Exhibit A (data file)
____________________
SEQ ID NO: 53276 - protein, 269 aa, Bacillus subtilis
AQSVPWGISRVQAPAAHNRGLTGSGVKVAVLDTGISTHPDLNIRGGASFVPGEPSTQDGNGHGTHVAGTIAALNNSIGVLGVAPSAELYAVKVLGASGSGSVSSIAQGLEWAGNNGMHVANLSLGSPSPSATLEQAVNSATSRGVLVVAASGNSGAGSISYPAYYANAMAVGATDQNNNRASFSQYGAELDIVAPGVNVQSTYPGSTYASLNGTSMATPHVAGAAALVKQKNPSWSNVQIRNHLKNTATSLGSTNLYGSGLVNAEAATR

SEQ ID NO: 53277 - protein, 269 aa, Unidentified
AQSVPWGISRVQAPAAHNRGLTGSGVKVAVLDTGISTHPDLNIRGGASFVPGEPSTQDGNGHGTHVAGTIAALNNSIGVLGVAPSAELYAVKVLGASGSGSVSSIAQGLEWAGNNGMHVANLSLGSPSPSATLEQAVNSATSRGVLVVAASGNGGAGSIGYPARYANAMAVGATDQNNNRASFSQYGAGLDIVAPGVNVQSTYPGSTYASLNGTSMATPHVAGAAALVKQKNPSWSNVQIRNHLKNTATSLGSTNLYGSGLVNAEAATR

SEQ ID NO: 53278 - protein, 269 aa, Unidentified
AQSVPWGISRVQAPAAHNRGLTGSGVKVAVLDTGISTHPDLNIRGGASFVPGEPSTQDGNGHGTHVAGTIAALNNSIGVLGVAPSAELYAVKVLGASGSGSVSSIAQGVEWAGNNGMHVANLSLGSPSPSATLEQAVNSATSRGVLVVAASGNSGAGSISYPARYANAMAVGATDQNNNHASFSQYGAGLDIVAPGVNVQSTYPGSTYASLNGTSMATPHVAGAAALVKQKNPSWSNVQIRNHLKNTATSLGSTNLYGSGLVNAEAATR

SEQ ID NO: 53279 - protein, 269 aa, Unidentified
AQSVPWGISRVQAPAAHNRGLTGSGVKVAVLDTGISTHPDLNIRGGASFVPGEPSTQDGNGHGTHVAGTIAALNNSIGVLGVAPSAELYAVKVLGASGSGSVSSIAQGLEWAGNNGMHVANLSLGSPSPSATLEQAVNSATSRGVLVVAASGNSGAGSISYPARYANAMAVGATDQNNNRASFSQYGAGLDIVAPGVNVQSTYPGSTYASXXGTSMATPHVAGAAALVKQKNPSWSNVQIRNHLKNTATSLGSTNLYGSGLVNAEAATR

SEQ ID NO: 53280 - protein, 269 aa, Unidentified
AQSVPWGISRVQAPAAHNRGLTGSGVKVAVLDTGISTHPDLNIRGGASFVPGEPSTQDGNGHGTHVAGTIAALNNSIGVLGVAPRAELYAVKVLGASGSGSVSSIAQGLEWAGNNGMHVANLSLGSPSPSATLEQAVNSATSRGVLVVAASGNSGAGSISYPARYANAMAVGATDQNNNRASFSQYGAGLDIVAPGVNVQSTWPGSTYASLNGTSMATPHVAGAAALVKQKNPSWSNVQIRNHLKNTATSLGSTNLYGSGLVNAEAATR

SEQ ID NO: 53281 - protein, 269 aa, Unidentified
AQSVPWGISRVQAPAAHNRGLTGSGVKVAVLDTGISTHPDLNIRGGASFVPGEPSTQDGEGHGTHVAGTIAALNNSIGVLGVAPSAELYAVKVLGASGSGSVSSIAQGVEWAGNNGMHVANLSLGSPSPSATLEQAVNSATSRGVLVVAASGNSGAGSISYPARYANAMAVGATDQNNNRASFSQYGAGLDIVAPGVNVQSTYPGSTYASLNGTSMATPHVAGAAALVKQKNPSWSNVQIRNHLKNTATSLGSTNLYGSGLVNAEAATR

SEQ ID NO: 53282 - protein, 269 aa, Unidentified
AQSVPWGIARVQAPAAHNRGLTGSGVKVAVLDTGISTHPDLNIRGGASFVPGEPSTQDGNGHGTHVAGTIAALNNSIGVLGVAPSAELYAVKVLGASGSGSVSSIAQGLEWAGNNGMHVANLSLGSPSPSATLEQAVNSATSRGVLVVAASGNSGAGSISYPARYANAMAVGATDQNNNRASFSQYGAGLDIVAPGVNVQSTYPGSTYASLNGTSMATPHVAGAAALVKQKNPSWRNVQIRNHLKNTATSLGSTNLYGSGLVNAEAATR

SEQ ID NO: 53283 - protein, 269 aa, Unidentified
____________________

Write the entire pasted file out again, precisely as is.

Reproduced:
SEQ ID NO: 53276 - protein, 269 aa, Bacillus subtilis
AQSVPWGISRVQAPAAHNRGLTGSGVKVAVLDTGISTHPDLNIRGGASFVPGEPSTQDGNGHGTHVAGTIAALNNSIGVLGVAPSAELYAVKVLGASGSGSVSSIAQGLEWAGNNGMHVANLSLGSPSPSATLEQAVNSATSRGVLVVAASGNSGAGSISYPAYYANAMAVGATDQNNNRASFSQYGAELDIVAPGVNVQSTYPGSTYASLNGTSMATPHVAGAAALVKQKNPSWSNVQIRNHLKNTATSLGSTNLYGSGLVNAEAATR

SEQ ID NO: 53277 - protein, 269 aa, Unidentified
AQSVPWGISRVQAPAAHNRGLTGSGVKVAVLDTGISTHPDLNIRGGASFVPGEPSTQDGNGHGTHVAGTIAALNNSIGVLGVAPSAELYAVKVLGASGSGSVSSIAQGLEWAGNNGMHVANLSLGSPSPSATLEQAVNSATSRGVLVVAASGNGGAGSIGYPARYANAMAVGATDQNNNRASFSQYGAGLDIVAPGVNVQSTYPGSTYASLNGTSMATPHVAGAAALVKQKNPSWSNVQIRNHLKNTATSLGSTNLYGSGLVNAEAATR

SEQ ID NO: 53278 - protein, 269 aa, Unidentified
AQSVPWGISRVQAPAAHNRGLTGSGVKVAVLDTGISTHPDLNIRGGASFVPGEPSTQDGNGHGTHVAGTIAALNNSIGVLGVAPSAELYAVKVLGASGSGSVSSIAQGVEWAGNNGMHVANLSLGSPSPSATLEQAVNSATSRGVLVVAASGNSGAGSISYPARYANAMAVGATDQNNNHASFSQYGAGLDIVAPGVNVQSTYPGSTYASLNGTSMATPHVAGAAALVKQKNPSWSNVQIRNHLKNTATSLGSTNLYGSGLVNAEAATR

SEQ ID NO: 53279 - protein, 269 aa, Unidentified
AQSVPWGISRVQAPAAHNRGLTGSGVKVAVLDTGISTHPDLNIRGGASFVPGEPSTQDGNGHGTHVAGTIAALNNSIGVLGVAPSAELYAVKVLGASGSGSVSSIAQGLEWAGNNGMHVANLSLGSPSPSATLEQAVNSATSRGVLVVAASGNSGAGSISYPARYANAMAVGATDQNNNRASFSQYGAGLDIVAPGVNVQSTYPGSTYASXXGTSMATPHVAGAAALVKQKNPSWSNVQIRNHLKNTATSLGSTNLYGSGLVNAEAATR

SEQ ID NO: 53280 - protein, 269 aa, Unidentified
AQSVPWGISRVQAPAAHNRGLTGSGVKVAVLDTGISTHPDLNIRGGASFVPGEPSTQDGNGHGTHVAGTIAALNNSIGVLGVAPRAELYAVKVLGASGSGSVSSIAQGLEWAGNNGMHVANLSLGSPSPSATLEQAVNSATSRGVLVVAASGNSGAGSISYPARYANAMAVGATDQNNNRASFSQYGAGLDIVAPGVNVQSTWPGSTYASLNGTSMATPHVAGAAALVKQKNPSWSNVQIRNHLKNTATSLGSTNLYGSGLVNAEAATR

SEQ ID NO: 53281 - protein, 269 aa, Unidentified
AQSVPWGISRVQAPAAHNRGLTGSGVKVAVLDTGISTHPDLNIRGGASFVPGEPSTQDGEGHGTHVAGTIAALNNSIGVLGVAPSAELYAVKVLGASGSGSVSSIAQGVEWAGNNGMHVANLSLGSPSPSATLEQAVNSATSRGVLVVAASGNSGAGSISYPARYANAMAVGATDQNNNRASFSQYGAGLDIVAPGVNVQSTYPGSTYASLNGTSMATPHVAGAAALVKQKNPSWSNVQIRNHLKNTATSLGSTNLYGSGLVNAEAATR

SEQ ID NO: 53282 - protein, 269 aa, Unidentified
AQSVPWGIARVQAPAAHNRGLTGSGVKVAVLDTGISTHPDLNIRGGASFVPGEPSTQDGNGHGTHVAGTIAALNNSIGVLGVAPSAELYAVKVLGASGSGSVSSIAQGLEWAGNNGMHVANLSLGSPSPSATLEQAVNSATSRGVLVVAASGNSGAGSISYPARYANAMAVGATDQNNNRASFSQYGAGLDIVAPGVNVQSTYPGSTYASLNGTSMATPHVAGAAALVKQKNPSWRNVQIRNHLKNTATSLGSTNLYGSGLVNAEAATR

SEQ ID NO: 53283 - protein, 269 aa, Unidentified